- The Olive Ridley - the smallest species, most common - 35 kgs when fully grown.
- The Hawksbill
- The Green Sea Turtle
- The Loggerhead
- The Leatherback - the largest species - 700 kgs and 2.2 metres in length.
- When - January to March
- Time - Night
- Where - On the shore
- Problem - Difficult to move with their front flippers on land (though it can swim easily without any effort in the water). It has to pull and drag itself with great effort on to the sandy beach.
- How - It chooses a spot far from the place where there are high tides. It makes a hollow space 45cm deep and lays about \(100\) eggs.
- Eggs - Shape and size of a tennis ball.
- After laying the eggs, the turtle closes the hollow space. Then it hides the nest according to the surroundings, by tossing sand on it, with the help of its flippers. Nobody can find the spot now because the whole place looks the same now!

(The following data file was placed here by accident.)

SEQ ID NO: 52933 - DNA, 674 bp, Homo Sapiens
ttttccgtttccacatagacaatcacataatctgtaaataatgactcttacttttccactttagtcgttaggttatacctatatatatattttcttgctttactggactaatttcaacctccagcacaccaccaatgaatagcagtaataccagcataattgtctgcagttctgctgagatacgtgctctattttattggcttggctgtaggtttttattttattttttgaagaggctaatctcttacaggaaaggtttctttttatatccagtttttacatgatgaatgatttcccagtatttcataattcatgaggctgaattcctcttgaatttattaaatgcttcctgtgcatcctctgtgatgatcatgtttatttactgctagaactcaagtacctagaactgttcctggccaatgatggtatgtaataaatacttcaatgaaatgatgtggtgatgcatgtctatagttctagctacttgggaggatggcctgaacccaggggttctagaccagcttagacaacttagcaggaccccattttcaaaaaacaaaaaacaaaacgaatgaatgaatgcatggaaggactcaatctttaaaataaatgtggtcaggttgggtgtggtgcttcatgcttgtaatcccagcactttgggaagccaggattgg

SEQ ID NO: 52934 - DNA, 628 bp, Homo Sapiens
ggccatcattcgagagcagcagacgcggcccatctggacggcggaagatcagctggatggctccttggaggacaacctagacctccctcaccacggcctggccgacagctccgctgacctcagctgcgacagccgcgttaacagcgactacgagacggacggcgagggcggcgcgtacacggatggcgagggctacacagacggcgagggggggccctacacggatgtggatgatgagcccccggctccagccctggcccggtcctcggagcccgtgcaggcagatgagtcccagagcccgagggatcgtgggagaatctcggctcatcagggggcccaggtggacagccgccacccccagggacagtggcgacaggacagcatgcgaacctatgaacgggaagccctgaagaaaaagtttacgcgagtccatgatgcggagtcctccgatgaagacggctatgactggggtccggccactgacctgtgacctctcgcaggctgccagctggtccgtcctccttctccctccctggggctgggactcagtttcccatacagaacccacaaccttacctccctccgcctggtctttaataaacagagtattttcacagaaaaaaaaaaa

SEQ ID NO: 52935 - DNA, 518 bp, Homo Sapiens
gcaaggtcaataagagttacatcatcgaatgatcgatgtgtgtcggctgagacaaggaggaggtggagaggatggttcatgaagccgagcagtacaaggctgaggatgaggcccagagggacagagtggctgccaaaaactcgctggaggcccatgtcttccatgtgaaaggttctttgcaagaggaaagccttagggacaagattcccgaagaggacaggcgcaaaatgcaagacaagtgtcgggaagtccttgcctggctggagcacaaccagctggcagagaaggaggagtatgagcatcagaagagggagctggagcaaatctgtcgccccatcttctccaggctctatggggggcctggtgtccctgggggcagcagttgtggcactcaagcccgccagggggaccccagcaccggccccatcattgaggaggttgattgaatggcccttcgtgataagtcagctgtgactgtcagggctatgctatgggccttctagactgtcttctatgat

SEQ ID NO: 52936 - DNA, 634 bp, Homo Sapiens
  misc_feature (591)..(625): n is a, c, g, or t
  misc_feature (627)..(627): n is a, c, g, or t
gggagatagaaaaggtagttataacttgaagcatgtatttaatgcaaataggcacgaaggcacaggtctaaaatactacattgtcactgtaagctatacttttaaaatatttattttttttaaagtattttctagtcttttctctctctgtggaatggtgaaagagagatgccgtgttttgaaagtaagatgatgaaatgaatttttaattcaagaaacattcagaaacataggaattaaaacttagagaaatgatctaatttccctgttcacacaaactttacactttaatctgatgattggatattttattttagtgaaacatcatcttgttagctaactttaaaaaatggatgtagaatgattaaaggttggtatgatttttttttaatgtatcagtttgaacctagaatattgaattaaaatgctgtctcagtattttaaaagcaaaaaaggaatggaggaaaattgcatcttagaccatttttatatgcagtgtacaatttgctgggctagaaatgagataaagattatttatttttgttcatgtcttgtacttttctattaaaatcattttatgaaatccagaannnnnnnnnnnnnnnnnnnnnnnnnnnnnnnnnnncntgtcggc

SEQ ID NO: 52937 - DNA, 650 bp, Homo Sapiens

- Then the turtle returns to the sea.
- The eggs will hatch under the warmth of the sun.
- Humans hunt them for meat.
- Humans collect their eggs.
- Accidentally gets trapped in motorboat nests.
- Disposing plastics carelessly in the ocean.
- Construction activities where turtles lay eggs.
Scaly animals, that lay soft-shelled eggs.
Found in the sea.
Group of animals with common features.
Land near the edge of the sea, seashore.
Broad, flat limbs used for swimming.
Pull or drag with force.
Takes considerable time and effort
A hollow space.
Hide or disguise to blend with the surroundings.
Hatch eggs using warmth.
Animals that eat other animals.
Young animal that hatches out from an egg.
Slit or cut open.
Pointed edge of a nose.
Run or travel in a hurry.
A period of \(10\) years.
Continue to live.